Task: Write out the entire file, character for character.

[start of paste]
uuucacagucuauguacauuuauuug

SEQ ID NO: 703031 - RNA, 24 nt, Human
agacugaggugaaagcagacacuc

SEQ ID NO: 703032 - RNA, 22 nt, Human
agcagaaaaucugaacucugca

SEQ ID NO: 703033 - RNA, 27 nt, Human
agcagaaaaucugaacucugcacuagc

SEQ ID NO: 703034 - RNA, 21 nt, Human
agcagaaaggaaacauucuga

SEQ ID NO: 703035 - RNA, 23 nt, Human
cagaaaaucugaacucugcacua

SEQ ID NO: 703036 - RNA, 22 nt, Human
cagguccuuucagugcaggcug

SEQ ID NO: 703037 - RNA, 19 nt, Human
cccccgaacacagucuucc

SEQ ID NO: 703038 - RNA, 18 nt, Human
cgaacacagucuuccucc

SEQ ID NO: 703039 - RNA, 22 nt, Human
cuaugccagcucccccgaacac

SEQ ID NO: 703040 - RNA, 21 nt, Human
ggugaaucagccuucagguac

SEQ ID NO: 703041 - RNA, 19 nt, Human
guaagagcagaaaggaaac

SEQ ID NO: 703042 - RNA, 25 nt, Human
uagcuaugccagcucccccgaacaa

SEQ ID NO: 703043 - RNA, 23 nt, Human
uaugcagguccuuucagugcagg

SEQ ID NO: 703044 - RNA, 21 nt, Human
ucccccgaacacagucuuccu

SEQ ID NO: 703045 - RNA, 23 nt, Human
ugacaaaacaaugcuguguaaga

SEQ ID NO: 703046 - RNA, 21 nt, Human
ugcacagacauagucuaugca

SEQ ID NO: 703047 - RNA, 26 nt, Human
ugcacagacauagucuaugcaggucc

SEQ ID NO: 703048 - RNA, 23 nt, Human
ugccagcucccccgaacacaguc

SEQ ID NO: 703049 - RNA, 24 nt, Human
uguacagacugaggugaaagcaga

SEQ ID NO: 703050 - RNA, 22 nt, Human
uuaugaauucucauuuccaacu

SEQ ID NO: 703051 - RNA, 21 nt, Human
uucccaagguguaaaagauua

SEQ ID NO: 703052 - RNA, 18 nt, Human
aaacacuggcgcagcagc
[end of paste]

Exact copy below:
uuucacagucuauguacauuuauuug

SEQ ID NO: 703031 - RNA, 24 nt, Human
agacugaggugaaagcagacacuc

SEQ ID NO: 703032 - RNA, 22 nt, Human
agcagaaaaucugaacucugca

SEQ ID NO: 703033 - RNA, 27 nt, Human
agcagaaaaucugaacucugcacuagc

SEQ ID NO: 703034 - RNA, 21 nt, Human
agcagaaaggaaacauucuga

SEQ ID NO: 703035 - RNA, 23 nt, Human
cagaaaaucugaacucugcacua

SEQ ID NO: 703036 - RNA, 22 nt, Human
cagguccuuucagugcaggcug

SEQ ID NO: 703037 - RNA, 19 nt, Human
cccccgaacacagucuucc

SEQ ID NO: 703038 - RNA, 18 nt, Human
cgaacacagucuuccucc

SEQ ID NO: 703039 - RNA, 22 nt, Human
cuaugccagcucccccgaacac

SEQ ID NO: 703040 - RNA, 21 nt, Human
ggugaaucagccuucagguac

SEQ ID NO: 703041 - RNA, 19 nt, Human
guaagagcagaaaggaaac

SEQ ID NO: 703042 - RNA, 25 nt, Human
uagcuaugccagcucccccgaacaa

SEQ ID NO: 703043 - RNA, 23 nt, Human
uaugcagguccuuucagugcagg

SEQ ID NO: 703044 - RNA, 21 nt, Human
ucccccgaacacagucuuccu

SEQ ID NO: 703045 - RNA, 23 nt, Human
ugacaaaacaaugcuguguaaga

SEQ ID NO: 703046 - RNA, 21 nt, Human
ugcacagacauagucuaugca

SEQ ID NO: 703047 - RNA, 26 nt, Human
ugcacagacauagucuaugcaggucc

SEQ ID NO: 703048 - RNA, 23 nt, Human
ugccagcucccccgaacacaguc

SEQ ID NO: 703049 - RNA, 24 nt, Human
uguacagacugaggugaaagcaga

SEQ ID NO: 703050 - RNA, 22 nt, Human
uuaugaauucucauuuccaacu

SEQ ID NO: 703051 - RNA, 21 nt, Human
uucccaagguguaaaagauua

SEQ ID NO: 703052 - RNA, 18 nt, Human
aaacacuggcgcagcagc